Sunday, January 04, 2009

Art and the leash

I spend a lot of time -- perhaps an inordinate, shameful amount of time -- surfing the lit-blogosphere. This is partly the result of my living overseas and needing some way to keep in touch. It's also a reflection of a belief the lit-blogosphere matters, and that the Internet, despite its many short-comings, represents one of the best paths for literature to save itself.

One thing that has recently struck me, however, is the near-total silence surrounding the current Israeli-Palestinian conflict. I'm speaking of course of silence in the lit-blogosphere; there's no shortage of coverage -- and opinion-expressing -- elsewhere. And maybe this is partly the result of disaster-fatigue: a seemingly interminable state of strife between the Palestinians and the Israelis, the invasion of Afghanistan, the invasion of Iraq, the war two-and-a-half years ago between Israel and Hezbollah (in fact, a war whose territory covered most of southern Lebanon), and half-acknowledged "low-intensity" conflicts in Darfur, areas of the Congo, the southern Philippines and southern Thailand are now coated by the thick patina of domestic, economic disaster. Numbness is a natural response to this much in the way of interesting times.

But it's not simply numbness, I think, that inspires the litblogosphere's silence on politics; it's also a belief specific to the West that politics and art cannot, by their very natures, mix, and that to attempt to do so is to mark one as a tiresome ideologue at best, an artistic all-thumbs at worst. Furthermore, the argument of arguments -- the ur-argument of the institutions of the literary establishment -- is such engagement by artists is futile. This is a truth apparently discovered after the end of the Romantic Movement and during the bloody middle of World War One. Poetry can't change the world because it can't change human nature.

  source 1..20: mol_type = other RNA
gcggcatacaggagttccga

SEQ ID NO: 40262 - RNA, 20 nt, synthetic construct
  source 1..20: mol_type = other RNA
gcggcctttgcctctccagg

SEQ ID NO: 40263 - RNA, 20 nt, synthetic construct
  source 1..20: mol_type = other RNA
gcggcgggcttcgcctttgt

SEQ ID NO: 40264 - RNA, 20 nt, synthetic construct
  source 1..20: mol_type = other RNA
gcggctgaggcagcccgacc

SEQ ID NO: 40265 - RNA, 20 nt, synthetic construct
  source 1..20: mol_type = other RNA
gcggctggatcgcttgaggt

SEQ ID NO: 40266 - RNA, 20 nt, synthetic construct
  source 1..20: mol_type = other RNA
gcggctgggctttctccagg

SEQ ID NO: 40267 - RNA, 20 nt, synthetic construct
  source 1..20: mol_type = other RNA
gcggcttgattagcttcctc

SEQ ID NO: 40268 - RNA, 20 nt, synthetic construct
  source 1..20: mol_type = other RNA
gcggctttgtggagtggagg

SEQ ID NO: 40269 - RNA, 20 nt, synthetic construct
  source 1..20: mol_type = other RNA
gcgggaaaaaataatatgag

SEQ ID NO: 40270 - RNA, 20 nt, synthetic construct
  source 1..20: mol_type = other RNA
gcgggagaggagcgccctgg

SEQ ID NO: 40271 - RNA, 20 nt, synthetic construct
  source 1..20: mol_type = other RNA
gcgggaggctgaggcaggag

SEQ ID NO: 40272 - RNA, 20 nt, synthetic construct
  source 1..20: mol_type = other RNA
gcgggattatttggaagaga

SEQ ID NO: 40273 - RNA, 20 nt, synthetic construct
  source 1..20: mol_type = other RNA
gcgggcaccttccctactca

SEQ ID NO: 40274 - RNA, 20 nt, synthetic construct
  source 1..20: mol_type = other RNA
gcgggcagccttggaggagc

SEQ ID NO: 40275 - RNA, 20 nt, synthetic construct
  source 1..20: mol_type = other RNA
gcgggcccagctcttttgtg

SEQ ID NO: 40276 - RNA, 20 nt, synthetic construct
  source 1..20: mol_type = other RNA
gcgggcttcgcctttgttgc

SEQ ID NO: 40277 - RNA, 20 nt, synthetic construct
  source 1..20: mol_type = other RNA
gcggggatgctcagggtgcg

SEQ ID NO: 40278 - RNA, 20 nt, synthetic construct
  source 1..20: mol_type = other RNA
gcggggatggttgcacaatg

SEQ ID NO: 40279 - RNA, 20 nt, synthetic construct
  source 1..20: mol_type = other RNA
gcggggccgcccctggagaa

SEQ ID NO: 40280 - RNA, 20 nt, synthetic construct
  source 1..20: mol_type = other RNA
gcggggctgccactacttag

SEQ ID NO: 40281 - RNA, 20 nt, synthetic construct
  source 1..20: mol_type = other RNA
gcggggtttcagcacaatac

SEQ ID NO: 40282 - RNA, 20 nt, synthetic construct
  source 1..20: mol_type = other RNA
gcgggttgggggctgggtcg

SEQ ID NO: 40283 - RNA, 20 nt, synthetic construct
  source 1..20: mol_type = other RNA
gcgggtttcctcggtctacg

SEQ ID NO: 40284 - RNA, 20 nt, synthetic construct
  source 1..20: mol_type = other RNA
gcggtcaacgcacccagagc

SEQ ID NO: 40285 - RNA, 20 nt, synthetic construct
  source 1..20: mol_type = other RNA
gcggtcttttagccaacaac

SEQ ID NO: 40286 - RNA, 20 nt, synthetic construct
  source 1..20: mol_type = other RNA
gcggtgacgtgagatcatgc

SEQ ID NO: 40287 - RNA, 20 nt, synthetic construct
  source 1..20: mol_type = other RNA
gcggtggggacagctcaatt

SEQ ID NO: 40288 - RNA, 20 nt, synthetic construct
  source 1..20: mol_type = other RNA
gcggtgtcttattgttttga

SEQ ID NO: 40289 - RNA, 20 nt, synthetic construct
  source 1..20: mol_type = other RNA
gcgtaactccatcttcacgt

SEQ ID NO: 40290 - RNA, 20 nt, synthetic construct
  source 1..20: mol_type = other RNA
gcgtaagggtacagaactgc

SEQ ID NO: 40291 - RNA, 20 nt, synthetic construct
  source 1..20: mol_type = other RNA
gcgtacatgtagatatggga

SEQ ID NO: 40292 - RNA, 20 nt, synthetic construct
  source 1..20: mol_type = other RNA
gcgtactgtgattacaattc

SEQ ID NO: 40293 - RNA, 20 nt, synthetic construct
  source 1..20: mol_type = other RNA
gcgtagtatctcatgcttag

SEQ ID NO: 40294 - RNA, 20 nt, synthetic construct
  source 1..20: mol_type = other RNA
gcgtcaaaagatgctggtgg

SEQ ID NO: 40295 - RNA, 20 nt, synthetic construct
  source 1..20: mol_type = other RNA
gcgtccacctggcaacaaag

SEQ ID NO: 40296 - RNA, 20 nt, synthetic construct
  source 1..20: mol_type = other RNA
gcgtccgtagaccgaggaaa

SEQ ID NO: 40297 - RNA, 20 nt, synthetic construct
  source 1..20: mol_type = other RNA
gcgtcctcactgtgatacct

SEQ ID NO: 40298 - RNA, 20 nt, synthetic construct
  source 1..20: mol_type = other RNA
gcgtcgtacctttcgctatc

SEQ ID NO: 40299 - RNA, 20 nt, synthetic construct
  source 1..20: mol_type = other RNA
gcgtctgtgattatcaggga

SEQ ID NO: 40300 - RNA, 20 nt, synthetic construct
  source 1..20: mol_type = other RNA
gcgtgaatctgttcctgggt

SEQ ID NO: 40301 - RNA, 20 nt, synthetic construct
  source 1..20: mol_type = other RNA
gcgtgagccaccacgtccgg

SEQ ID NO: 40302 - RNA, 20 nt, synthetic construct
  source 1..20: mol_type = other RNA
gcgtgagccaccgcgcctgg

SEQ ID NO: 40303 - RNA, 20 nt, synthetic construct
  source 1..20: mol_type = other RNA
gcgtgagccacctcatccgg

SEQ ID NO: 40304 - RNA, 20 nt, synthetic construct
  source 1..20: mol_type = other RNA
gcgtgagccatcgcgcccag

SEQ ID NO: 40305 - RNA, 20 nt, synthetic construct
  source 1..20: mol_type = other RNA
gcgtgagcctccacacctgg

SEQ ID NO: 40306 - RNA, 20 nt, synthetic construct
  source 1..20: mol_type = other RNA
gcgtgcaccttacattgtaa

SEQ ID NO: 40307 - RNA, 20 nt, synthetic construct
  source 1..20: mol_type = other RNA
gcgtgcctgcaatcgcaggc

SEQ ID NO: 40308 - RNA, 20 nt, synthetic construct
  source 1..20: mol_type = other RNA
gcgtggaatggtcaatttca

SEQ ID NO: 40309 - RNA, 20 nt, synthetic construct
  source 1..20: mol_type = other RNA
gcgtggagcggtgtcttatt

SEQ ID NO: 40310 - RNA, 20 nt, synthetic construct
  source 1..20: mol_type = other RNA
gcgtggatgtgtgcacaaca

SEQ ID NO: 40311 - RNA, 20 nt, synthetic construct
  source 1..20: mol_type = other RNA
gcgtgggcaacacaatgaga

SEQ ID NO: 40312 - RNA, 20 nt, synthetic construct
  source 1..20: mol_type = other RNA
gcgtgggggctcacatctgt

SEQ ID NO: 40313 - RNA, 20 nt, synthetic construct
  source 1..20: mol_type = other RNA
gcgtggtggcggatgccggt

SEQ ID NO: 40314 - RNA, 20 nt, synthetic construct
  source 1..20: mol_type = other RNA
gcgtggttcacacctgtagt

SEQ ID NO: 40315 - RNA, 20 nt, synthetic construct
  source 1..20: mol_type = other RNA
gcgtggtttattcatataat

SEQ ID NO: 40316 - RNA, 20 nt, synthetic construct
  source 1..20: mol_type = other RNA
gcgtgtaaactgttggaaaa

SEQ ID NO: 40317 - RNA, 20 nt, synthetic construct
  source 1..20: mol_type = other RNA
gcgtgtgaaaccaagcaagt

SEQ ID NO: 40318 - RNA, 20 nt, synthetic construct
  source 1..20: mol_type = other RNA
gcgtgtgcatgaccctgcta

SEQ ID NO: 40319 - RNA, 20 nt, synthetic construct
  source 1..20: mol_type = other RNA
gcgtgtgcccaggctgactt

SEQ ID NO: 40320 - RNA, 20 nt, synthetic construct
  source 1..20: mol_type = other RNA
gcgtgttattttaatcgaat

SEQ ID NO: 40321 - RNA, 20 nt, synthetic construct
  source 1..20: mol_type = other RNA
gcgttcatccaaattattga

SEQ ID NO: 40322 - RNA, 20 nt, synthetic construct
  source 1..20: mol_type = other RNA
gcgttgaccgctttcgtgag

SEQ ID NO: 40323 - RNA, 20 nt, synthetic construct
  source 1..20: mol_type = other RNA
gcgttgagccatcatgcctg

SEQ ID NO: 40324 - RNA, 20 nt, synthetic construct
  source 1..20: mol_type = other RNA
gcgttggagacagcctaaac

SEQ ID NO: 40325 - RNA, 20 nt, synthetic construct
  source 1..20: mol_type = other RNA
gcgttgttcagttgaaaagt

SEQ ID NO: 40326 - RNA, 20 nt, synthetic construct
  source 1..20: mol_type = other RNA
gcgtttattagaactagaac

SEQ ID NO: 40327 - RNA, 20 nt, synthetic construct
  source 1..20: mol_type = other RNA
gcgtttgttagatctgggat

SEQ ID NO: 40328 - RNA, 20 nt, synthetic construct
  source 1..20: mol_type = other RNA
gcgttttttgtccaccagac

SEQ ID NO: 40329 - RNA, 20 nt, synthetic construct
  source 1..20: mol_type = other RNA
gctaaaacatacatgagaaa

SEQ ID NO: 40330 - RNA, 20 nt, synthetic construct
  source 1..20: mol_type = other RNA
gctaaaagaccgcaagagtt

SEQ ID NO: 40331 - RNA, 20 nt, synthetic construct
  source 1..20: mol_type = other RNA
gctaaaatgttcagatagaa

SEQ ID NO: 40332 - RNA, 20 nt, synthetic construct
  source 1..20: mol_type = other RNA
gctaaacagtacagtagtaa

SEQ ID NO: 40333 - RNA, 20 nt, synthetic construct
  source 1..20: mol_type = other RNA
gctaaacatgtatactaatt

But what happens in a world without poetry? That is, what happens to a world that lacks politically aware poetry when the age itself is political? What happens to art in times when history, to use a paraphrase employed by Jan Kott, is "let off the leash"?


  1. I saw a telling example of this a few months ago at the Ottawa Writers Festival, when David Bergen and Bill Gaston tried to tell Rawi Hage that his novel _Cockroach_ wasn't political. Hage was incredulous: "There are gay Iranian characters in my book, how can it not be political?" I think what Bergen and Gaston were driving at was that the book was good, therefore couldn't be political. Which is a seriously warped way to think about literature, but incredibly prevalent, I think, in North America and England.

  2. Zach: excellent anecdote (and funny, too). At this point, I should probably emphasize -- not for your sake but for the sake of the world at large (at least, that exceedingly small percentage of it which reads this site) -- that I have sympathy for the standard N. American trepidation about "political art"; once one starts banging the drum of PolArt too loudly, one opens the door to the worse kind of tendentiousness: humourless, self-righteous, artistically and existentially false. Nevertheless, political art *can* be done well -- this is one of the great lessons I've learned from Korean lit. The balance can be found.